Joe Burrow is also quite good on the big stage, averaging the most passing yards (317) per prime-time game among quarterbacks with at least three such starts in their careers since 1970. If we've learned one thing about these Ravens, it's that they're susceptible to giving up big passing games to opposing quarterbacks in Baltimore. Add in the bright lights, and you're setting up for a shootout -- one I think Burrow can win.

Detroit Lions
ML: +135 · 1-3
New England Patriots
ML: -155 · 1-3

New England isn't entering this game with a ton of firepower, especially if Bailey Zappe is pressed into starting duties, thanks to injuries to Mac Jones and Brian Hoyer. The Patriots nearly scored a massive upset win over the Packers with Zappe at quarterback, but their final possession of regulation in that game -- a three-and-out that saw them gain 9 yards before punting -- likely best defines the state of their offense with the third-string rookie, who threw for 99 yards and his first career touchdown on 15 attempts Sunday. 

Match that up with a Lions offense that is outperforming expectations, and you have a nice little setup for an upset. Detroit -- yes, Detroit -- currently ranks first in the NFL in total and scoring offense, while Jared Goff is throwing the Lions into a top-five ranking in passing. Detroit has scored 24-plus points in six straight games dating back to Week 17 of last season, tying for the second-longest such streak in franchise history. The Lions' biggest issue is their defense, which ranks last in points and yards allowed per game.

The equalizer here should be New England's defense, but keeping the Lions within striking range for Zappe and Co. is a big ask. New England ranks 22nd in points allowed per game at 24.5, which is 10.5 less per game than what Detroit is putting on the board.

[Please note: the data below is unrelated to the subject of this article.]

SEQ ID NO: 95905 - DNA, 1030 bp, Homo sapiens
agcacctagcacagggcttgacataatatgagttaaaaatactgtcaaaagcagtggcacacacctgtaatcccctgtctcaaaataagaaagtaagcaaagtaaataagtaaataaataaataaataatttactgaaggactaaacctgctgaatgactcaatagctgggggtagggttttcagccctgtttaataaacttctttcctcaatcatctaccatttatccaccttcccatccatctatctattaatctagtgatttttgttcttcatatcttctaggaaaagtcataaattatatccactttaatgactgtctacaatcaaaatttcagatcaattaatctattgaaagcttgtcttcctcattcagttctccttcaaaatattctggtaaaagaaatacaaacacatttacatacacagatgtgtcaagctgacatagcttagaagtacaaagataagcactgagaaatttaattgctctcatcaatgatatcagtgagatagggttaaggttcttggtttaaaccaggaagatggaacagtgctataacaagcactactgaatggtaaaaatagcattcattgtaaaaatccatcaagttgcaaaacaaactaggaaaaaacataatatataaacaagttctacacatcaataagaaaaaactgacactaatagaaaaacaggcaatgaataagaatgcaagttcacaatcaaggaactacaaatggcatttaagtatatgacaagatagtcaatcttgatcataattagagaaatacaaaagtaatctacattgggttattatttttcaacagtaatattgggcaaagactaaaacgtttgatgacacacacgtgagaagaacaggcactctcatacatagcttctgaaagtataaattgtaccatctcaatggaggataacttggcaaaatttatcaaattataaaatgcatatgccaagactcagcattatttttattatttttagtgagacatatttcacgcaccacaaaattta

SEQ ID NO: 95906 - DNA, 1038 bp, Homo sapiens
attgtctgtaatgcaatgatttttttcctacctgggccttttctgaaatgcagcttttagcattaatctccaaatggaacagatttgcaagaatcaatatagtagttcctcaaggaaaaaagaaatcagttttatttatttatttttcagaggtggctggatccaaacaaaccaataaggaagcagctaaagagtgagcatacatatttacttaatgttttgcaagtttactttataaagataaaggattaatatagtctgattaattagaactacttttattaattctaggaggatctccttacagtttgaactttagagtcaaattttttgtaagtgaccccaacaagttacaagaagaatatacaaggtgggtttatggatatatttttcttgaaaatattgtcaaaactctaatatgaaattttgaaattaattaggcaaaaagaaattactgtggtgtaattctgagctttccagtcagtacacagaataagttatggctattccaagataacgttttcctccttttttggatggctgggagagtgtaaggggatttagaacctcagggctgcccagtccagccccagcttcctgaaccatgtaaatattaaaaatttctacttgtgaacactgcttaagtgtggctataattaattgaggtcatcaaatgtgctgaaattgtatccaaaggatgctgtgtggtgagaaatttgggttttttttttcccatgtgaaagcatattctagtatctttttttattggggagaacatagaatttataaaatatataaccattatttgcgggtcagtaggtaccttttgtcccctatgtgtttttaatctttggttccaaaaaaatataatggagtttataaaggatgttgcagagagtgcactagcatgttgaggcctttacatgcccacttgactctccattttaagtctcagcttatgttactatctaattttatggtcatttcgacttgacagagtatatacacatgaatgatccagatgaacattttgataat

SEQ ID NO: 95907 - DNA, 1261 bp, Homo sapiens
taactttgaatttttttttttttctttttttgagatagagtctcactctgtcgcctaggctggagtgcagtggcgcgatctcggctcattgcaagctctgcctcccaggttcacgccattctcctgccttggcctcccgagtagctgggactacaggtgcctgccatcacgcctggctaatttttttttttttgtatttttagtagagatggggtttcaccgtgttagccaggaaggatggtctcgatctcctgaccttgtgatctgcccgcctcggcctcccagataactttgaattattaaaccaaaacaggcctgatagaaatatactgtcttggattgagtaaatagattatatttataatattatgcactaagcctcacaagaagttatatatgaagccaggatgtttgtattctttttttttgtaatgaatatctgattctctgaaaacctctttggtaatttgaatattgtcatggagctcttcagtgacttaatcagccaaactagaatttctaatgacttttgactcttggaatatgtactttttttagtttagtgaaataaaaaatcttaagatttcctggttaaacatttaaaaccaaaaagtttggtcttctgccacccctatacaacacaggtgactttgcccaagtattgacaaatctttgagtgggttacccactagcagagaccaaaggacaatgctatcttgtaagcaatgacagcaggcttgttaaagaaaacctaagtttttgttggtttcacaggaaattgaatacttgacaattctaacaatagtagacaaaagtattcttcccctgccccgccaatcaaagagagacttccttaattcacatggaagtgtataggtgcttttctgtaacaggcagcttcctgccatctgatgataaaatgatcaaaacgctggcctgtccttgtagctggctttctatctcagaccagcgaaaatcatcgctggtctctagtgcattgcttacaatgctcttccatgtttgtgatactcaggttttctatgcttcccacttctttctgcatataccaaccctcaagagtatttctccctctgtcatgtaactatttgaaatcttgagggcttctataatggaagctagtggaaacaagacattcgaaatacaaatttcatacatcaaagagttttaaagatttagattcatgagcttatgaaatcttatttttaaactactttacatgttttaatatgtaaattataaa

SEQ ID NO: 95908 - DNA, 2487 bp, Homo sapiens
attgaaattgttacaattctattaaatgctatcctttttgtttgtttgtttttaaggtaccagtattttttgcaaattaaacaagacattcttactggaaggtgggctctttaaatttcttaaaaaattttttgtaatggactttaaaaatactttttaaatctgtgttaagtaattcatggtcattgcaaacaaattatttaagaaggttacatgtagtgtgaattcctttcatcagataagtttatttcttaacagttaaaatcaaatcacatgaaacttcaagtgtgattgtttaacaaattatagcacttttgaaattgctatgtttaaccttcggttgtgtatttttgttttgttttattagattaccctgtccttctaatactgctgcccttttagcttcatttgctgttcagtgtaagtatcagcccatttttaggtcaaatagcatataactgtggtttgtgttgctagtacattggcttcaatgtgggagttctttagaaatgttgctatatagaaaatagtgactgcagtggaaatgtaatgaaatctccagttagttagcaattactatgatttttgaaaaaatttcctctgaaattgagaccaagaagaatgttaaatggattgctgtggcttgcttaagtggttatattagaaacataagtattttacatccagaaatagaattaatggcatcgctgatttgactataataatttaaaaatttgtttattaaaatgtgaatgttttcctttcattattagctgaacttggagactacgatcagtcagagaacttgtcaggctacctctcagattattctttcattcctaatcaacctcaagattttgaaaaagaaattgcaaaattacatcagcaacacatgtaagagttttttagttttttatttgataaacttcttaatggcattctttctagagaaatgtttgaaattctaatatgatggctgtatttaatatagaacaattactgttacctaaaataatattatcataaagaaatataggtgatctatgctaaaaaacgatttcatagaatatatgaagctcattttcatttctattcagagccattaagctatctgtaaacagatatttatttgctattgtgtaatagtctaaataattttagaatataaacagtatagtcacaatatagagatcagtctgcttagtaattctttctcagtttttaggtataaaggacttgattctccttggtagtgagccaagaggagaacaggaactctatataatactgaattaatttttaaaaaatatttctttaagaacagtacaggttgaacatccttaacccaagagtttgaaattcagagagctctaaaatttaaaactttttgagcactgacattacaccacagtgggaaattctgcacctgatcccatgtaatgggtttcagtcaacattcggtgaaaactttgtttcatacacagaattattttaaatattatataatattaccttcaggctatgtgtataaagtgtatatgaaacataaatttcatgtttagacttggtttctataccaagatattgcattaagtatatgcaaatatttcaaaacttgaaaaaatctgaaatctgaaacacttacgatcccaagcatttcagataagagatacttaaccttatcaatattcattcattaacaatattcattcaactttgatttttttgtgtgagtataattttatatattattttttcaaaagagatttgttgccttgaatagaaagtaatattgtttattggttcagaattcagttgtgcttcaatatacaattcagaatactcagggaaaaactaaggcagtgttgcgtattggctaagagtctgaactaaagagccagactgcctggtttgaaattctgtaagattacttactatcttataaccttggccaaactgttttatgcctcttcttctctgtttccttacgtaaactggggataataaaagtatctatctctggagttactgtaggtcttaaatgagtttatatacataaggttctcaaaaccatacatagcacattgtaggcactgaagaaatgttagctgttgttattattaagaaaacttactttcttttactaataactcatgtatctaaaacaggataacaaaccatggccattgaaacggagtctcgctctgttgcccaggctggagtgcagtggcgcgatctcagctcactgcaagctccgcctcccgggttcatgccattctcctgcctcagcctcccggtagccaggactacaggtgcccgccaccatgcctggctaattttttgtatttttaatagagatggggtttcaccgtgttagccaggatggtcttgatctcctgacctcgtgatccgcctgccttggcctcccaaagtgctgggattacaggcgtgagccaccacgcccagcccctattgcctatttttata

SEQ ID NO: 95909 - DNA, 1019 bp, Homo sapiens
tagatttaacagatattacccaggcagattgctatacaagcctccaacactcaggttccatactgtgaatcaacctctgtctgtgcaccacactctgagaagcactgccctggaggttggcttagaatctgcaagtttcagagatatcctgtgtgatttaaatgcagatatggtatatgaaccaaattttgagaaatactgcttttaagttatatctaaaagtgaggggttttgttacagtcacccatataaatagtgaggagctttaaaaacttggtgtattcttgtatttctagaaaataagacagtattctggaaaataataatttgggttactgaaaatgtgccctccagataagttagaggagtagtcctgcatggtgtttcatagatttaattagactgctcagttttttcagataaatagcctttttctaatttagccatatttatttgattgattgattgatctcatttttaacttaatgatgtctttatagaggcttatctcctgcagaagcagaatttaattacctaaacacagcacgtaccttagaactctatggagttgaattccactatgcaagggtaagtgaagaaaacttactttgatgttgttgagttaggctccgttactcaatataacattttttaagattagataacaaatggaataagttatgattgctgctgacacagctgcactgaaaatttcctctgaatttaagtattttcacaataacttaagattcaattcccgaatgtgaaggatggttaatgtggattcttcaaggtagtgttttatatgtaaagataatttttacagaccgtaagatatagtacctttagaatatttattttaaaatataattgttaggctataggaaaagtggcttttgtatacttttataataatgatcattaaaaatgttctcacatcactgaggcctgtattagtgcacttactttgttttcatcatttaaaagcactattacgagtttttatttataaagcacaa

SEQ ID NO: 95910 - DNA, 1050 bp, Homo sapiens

We've learned the NFL can be a fickle and unpredictable beast. But I feel pretty good about this one, if only because we might see Zappe again this weekend. If I had to choose between Zappe and Goff, I'm going with the latter -- even taking into account Goff's career numbers against Bill Belichick (51.6 completion rate, 2:4 TD-to-INT ratio and 57.7 passer rating in three games, including Super Bowl LIII).

Los Angeles Chargers
ML: -155 · 2-2
Cleveland Browns
ML: +135 · 2-2

I'd honestly prefer to assign this game a half of a confidence point at most, because this Browns defense is about as reliable as a rusted-out Pinto. Cleveland appears to have ironed out its issues with blown coverages, but in Week 4, the Falcons ran right through the Browns, to the tune of 202 yards, with 140 coming from Tyler Allgeier and Caleb Huntley. I know, I wasn't too familiar with those two before Sunday, either.

Cleveland's run-oriented offense, which was just beaten at its own game, has not proven capable of overcoming a significant deficit. And Justin Herbert seems to be the perfect quarterback to pick apart the Browns. Although the Chargers waited until Week 4 to score a rushing touchdown, Austin Ekeler presents quite a challenge to Cleveland defensive coordinator Joe Woods, who is under plenty of local pressure to make his unit more productive. 

But the Bolts haven't exactly been the most consistent team, either. Injuries contributed to the surprising Week 3 loss to Jacksonville, and even if Los Angeles got back on track against the struggling Texans in Week 4, it's not like the Chargers are suddenly healthy. If the Browns get Jadeveon Clowney and/or Myles Garrett back from their own ailments, Cleveland could hold an advantage on the defensive edge. I'd like the Browns more here if it were later in the season (that is, if it were colder), but if they can control the game with their excellent rushing attack while avoiding turnovers, they have a decent chance to pull off the home upset.